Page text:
Such behaviours would warrant a referral to a psychologist and/or speech and language pathologist for further investigation.

There is considerable research on the reasons why children speak to themselves or use speech that has no relevance to the context. The following positions have been put forth:

The Genetic Hypothesis

There are many studies looking at possible causes of these problems:

In some families there appear to be other family members with these problems or related difficulties, and this suggests that there may be a genetic basis to these problems. Studies with identical and fraternal twins concluded that these behaviours are hereditarily transmitted.

This view holds that different genes, whose exact number is still unclear, when present in the fetus, are likely to result in the appearance of the problem behaviours in the offspring.

The genetic position is supported by the fact that identical twin pairs are more likely than non identical twin pairs to show the same difficulties. Many different genes in more than one location of the chromosomes are likely responsible for the problem, although, to the present time, no specific gene(s) have been conclusively identified. Current research is suggesting that these problems are likely to be the result of the interaction between a number of genes.

This is an area of current research, with new information being discovered.

The Neurological Impairment Hypothesis

This view links use of non-functional speech and speaking to oneself, along with the other behaviours outlined above, to damage that can affect different parts of the brain. Evidence bears this out, since brain-imaging techniques such as CT-Scans and MRI studies show abnormalities in the brains of children with these characteristics. Some of the parts that are thought to be involved are: the hypothalamus (a brain structure that looks like a chamber), the amygdala (two brain structures that looks like almonds), the cerebellum, the temporal lobe, and one or two other brain structures. This may explain why some children are more intellectually impaired while others are more socially impaired and still others are more communication impaired.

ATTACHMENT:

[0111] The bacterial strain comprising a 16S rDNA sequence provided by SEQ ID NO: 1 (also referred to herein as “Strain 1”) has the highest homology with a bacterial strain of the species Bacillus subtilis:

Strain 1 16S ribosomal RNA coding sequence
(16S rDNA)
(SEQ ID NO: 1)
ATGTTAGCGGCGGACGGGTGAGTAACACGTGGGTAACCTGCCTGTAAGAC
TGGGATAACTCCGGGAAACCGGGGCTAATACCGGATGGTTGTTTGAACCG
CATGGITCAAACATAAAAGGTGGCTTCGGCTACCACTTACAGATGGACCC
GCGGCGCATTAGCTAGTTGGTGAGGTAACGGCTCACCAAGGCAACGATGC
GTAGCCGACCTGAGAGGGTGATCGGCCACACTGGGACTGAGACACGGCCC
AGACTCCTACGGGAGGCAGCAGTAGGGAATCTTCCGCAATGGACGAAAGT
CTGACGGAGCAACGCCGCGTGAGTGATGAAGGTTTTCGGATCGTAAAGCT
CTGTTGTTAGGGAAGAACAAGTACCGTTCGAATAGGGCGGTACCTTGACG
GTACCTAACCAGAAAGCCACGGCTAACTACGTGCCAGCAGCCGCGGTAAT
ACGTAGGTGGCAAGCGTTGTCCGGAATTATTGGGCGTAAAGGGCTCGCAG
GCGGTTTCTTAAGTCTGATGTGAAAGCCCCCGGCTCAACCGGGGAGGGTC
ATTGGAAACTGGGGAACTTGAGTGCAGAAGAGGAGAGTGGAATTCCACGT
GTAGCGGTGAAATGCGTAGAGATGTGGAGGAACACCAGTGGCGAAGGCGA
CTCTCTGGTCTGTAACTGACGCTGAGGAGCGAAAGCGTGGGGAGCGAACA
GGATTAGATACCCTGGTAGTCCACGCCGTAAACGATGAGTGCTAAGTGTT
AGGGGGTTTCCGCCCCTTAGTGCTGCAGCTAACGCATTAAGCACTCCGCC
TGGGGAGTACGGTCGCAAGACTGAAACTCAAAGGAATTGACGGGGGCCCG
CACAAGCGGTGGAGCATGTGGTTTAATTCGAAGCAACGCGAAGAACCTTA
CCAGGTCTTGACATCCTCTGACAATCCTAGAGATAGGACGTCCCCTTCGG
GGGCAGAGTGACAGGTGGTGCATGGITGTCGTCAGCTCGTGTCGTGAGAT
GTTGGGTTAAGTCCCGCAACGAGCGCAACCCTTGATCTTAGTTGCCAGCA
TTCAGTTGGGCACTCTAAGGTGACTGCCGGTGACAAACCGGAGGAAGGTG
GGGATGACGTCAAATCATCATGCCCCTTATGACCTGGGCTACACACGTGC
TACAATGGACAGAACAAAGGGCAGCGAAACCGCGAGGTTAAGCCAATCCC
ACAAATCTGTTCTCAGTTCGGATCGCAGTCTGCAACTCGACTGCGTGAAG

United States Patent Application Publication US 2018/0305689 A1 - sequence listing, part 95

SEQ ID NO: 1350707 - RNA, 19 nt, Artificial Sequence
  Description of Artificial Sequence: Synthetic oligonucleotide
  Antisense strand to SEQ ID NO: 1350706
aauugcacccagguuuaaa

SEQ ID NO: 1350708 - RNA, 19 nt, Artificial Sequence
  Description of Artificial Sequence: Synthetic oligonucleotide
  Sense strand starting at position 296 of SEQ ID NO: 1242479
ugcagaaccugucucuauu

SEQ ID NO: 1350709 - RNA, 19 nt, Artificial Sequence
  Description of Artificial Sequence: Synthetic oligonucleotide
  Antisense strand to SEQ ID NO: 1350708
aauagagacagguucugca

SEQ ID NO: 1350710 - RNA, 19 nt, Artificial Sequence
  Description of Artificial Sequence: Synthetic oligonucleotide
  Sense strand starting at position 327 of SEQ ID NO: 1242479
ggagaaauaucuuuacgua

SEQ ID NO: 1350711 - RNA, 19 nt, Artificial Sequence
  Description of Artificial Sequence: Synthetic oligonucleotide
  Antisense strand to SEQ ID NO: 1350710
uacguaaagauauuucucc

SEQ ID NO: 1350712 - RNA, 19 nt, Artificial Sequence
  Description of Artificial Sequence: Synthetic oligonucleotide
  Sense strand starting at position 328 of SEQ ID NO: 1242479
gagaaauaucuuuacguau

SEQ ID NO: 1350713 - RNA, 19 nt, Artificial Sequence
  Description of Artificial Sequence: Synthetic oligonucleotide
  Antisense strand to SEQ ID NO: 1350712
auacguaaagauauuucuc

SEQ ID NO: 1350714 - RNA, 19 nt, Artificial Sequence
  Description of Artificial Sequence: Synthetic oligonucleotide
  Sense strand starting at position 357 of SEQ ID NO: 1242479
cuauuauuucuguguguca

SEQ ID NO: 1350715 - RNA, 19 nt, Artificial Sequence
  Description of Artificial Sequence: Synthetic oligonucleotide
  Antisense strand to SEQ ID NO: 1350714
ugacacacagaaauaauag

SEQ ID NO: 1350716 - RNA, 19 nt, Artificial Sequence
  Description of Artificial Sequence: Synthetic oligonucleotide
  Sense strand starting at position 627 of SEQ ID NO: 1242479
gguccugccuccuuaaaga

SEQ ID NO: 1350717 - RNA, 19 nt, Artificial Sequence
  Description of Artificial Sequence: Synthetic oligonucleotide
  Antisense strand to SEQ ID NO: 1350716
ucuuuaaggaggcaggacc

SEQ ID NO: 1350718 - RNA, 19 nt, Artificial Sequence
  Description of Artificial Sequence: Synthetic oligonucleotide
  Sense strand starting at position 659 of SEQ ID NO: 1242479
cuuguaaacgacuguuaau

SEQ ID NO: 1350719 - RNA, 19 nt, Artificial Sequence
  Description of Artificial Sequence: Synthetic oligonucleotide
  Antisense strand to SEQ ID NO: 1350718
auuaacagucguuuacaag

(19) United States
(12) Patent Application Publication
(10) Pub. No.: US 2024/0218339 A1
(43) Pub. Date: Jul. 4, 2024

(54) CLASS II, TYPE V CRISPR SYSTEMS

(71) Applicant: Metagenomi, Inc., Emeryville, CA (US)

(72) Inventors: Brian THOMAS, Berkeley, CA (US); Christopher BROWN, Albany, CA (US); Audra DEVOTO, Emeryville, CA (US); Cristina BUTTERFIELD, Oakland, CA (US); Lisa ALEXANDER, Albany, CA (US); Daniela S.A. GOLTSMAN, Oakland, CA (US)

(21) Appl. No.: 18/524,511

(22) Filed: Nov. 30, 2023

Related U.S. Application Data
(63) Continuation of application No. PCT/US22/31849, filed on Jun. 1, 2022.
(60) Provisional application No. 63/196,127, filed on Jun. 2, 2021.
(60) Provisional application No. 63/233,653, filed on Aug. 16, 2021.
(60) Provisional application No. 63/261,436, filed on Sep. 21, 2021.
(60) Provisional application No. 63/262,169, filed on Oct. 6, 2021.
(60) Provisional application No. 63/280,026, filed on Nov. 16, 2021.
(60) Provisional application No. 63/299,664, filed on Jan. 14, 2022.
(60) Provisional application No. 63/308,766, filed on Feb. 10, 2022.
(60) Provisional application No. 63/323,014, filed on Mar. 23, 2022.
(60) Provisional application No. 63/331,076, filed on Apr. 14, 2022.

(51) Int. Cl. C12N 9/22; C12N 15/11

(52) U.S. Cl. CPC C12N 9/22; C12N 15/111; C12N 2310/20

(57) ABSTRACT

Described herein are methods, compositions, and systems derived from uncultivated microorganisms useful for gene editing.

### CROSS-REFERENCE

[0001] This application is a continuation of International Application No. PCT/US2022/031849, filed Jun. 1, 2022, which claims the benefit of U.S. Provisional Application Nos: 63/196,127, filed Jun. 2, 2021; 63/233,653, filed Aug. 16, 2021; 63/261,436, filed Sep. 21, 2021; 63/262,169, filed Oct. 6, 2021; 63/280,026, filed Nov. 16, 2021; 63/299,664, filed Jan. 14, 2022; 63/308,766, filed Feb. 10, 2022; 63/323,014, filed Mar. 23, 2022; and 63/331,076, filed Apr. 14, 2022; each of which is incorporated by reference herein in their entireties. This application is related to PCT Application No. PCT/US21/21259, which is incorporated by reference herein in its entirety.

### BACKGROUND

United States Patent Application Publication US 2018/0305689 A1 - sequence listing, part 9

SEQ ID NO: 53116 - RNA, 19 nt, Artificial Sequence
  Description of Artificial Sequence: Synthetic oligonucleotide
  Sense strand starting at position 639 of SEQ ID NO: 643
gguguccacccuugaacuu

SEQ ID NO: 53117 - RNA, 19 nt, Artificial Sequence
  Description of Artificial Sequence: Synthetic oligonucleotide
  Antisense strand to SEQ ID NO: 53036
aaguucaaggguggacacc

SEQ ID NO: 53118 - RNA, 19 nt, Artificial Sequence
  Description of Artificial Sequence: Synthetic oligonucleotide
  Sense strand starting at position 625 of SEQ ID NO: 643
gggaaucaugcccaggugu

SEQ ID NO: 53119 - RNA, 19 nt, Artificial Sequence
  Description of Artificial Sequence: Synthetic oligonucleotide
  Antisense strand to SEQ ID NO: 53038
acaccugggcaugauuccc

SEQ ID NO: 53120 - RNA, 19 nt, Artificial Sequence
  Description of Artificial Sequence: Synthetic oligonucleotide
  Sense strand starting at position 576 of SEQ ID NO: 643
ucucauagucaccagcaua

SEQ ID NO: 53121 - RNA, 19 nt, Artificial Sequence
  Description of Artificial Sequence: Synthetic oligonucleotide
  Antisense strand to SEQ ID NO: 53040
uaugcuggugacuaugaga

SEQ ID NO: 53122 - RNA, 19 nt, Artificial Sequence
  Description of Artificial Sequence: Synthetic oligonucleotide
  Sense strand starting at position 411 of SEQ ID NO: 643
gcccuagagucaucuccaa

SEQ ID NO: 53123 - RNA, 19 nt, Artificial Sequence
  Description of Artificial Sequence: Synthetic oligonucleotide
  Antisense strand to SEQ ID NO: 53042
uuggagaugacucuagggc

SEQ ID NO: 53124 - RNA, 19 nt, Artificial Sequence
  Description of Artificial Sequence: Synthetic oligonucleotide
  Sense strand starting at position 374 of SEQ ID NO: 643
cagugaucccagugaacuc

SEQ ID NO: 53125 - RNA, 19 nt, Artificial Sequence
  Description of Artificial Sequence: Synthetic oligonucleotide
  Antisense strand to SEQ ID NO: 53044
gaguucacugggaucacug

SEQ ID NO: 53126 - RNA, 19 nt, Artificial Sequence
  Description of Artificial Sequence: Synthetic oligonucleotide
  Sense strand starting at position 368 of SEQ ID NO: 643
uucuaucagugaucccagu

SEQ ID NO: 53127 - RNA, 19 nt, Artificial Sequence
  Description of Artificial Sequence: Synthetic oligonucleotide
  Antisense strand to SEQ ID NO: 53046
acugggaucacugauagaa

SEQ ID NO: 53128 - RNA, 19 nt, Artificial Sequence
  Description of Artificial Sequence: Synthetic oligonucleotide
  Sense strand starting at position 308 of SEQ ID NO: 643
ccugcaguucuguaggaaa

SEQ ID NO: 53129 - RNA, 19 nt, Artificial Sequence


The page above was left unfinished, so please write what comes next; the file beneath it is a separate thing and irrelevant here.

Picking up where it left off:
The developmental history of some of the children who talk to themselves or use non-functional speech shows that they may have suffered complications prior to or at birth, or complications that show up a little later, such as viral encephalitis or very high fever. This suggests that in addition to the neurological differences that are present at conception, some of these children have sustained some form of brain damage around the birth process or very early in life.

The Theory of Mind view

This position accepts the possibility that children who show non-functional speech have suffered some form of brain damage, but attempts to explain how the damage affects social functioning. This approach views the problem in psychological terms, suggesting that children who talk to themselves or engage in non-functional talk do not appreciate that other people have minds distinct from their own. Because of this, they talk to themselves, do not relate to peers, and generally do not engage in sharing information in a reciprocal way, though give and take.

The Inefficient Executive Control view

This position holds that children with various difficulties, including those with problems in attention and impulsivity, are poor at planning, organising and guiding their behaviour. Children with non-functional speech or speech to self are likely to be poor at planning ahead and organising their daily lives and activities. They cannot exclude irrelevant information from their minds since they do not have an “executive”or monitoring system around making decisions as to what to think or talk about and how to prioritise different tasks.

The Lack of Central Coherence Hypothesis

This position argues that children and adolescents with non-functional speech or speech to self are unlikely able to understand things in their world as complete “wholes” (as opposed to a collection of parts) the way typical children and adolescents do. They have a different system of processing information, focusing on the details rather than on the ‘big picture’ and they get lost in the details.

Therefore, they may not get the whole context or meaning when having conversations or when reading or listening to lectures. It may also explain why they have a narrow range of intense interests which they fully understand and are comfortable with, and are thereby fixated on talking about them